Govt forces in control of embattled Afghan city: officials

The attack on Ghazni is the largest tactical onslaught by the Taliban since an unprecedented truce in June brought fighting between security forces and the Taliban to a brief halt

Afghan officials said security forces were in control of the eastern city of Ghazni on Saturday, more than a day after Taliban fighters launched a major onslaught on the provincial capital and as reinforcements continued a clearance operation targeting the militants.

Interior ministry spokesman Najib Danish said fresh reinforcements had arrived in the area and were battling Taliban fighters north of Ghazni, promising that the insurgents were in no position to take control of the city.

"The situation is fully under control. The city is not going to fall," Danish told a press conference, after confusion mounted over the fate of the city following hours of official silence.

A spokesman for US forces in Afghanistan also described the fight for Ghazni as a clearance operation, with sporadic clashes between security forces and insurgents punctuating relative calm.

"The fact remains that the Taliban are unable to seize terrain and unable to match the Afghan security forces or our enablement, retreating once directly and decisively engaged," Lt. Colonel Martin O'Donnell told AFP.

Insurgents entered Ghazni from several directions late Thursday night, attacking media offices and damaging a telecommunications tower, effectively shutting off mobile service to the city as of Friday afternoon -- making information about the fight difficult to verify.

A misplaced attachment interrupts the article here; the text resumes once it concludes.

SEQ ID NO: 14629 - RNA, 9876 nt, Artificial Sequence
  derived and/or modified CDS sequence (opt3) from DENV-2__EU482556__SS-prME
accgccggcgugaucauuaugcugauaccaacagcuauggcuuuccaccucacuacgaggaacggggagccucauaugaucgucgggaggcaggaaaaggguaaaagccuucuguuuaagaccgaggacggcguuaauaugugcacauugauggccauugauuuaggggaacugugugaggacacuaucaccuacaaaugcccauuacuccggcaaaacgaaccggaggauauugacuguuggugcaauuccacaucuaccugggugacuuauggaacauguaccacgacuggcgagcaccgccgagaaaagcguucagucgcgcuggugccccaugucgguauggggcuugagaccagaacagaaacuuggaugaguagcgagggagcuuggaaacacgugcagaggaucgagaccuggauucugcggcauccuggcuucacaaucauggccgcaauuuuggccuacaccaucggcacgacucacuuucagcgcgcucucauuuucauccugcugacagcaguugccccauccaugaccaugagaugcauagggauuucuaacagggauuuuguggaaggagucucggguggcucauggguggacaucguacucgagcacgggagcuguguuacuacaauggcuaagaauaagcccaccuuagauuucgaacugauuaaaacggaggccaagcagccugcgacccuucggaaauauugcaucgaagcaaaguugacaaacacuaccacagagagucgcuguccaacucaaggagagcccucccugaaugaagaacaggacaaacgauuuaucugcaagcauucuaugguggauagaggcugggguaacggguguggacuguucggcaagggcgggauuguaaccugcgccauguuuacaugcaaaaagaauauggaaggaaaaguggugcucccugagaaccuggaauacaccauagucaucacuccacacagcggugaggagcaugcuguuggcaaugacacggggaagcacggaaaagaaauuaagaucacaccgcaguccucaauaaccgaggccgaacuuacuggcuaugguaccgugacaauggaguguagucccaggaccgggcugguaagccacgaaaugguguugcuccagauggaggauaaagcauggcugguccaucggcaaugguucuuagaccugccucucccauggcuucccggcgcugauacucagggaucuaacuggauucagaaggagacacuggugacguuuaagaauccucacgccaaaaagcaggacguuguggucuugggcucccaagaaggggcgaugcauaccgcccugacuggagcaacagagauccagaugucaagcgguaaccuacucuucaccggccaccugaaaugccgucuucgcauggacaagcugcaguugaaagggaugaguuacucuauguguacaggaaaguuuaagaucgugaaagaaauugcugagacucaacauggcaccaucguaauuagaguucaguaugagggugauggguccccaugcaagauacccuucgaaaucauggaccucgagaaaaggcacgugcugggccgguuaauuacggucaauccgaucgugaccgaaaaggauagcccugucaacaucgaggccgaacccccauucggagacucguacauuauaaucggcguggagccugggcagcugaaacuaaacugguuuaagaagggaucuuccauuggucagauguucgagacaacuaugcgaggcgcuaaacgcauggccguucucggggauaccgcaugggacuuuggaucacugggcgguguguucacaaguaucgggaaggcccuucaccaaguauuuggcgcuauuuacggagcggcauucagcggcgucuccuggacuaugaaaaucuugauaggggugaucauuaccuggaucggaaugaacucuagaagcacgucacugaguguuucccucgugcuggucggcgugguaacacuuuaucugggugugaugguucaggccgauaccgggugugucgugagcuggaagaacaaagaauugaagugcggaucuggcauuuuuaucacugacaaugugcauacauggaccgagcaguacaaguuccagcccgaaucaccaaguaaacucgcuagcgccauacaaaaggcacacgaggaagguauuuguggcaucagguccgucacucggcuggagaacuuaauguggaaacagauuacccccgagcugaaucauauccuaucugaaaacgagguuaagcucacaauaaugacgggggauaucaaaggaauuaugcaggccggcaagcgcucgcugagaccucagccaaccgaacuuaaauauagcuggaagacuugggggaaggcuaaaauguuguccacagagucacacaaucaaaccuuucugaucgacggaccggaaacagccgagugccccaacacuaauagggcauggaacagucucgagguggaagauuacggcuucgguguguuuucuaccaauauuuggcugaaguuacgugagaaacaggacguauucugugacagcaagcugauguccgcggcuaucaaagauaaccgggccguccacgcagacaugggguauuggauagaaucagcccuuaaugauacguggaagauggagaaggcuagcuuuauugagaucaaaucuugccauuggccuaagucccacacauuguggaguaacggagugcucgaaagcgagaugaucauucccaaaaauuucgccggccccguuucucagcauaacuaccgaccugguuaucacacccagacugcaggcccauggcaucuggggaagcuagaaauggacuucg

An MP from Ghazni urged caution following Danish's press conference, saying heavy clashes continued to rage between the two sides.

"Intense fighting is still ongoing in Ghazni city. The prison is under attack from several directions, they are trying to free the prisoners," said Nafisa Azimi by telephone from Kabul.

"The fear is spreading in Ghazni as the day ends, the Taliban might intensify their attack as it gets dark," Azimi added.

Danish said at least 25 security forces had died in the fighting along with 150 Taliban fighters. At least one media worker from a local broadcaster was also killed.

Earlier Saturday the Taliban claimed victory in the fight for the embattled city, saying their forces were in control of Ghanzi after routing Afghan troops.

"Last night, our mujahideen have completely conquered a battalion in Ghazni, seizing weapons and ammunitions and four pickup trucks," said Taliban spokesman Zabihullah Mujahid in a message to journalists.

"Our mujahideen are protecting the city of Ghazni."

The insurgents frequently exaggerate their battlefield gains and downplay losses incurred during fighting.

Ghazni -- less than two hours by road from Kabul -- has been under increasing danger from massing Taliban fighters for months with reports suggesting insurgents had already infiltrated the city.

The attack was the latest attempt by the Taliban to seize an urban centre and comes as pressure mounts on the insurgents to enter peace talks with the government to end the nearly 17-year-old war.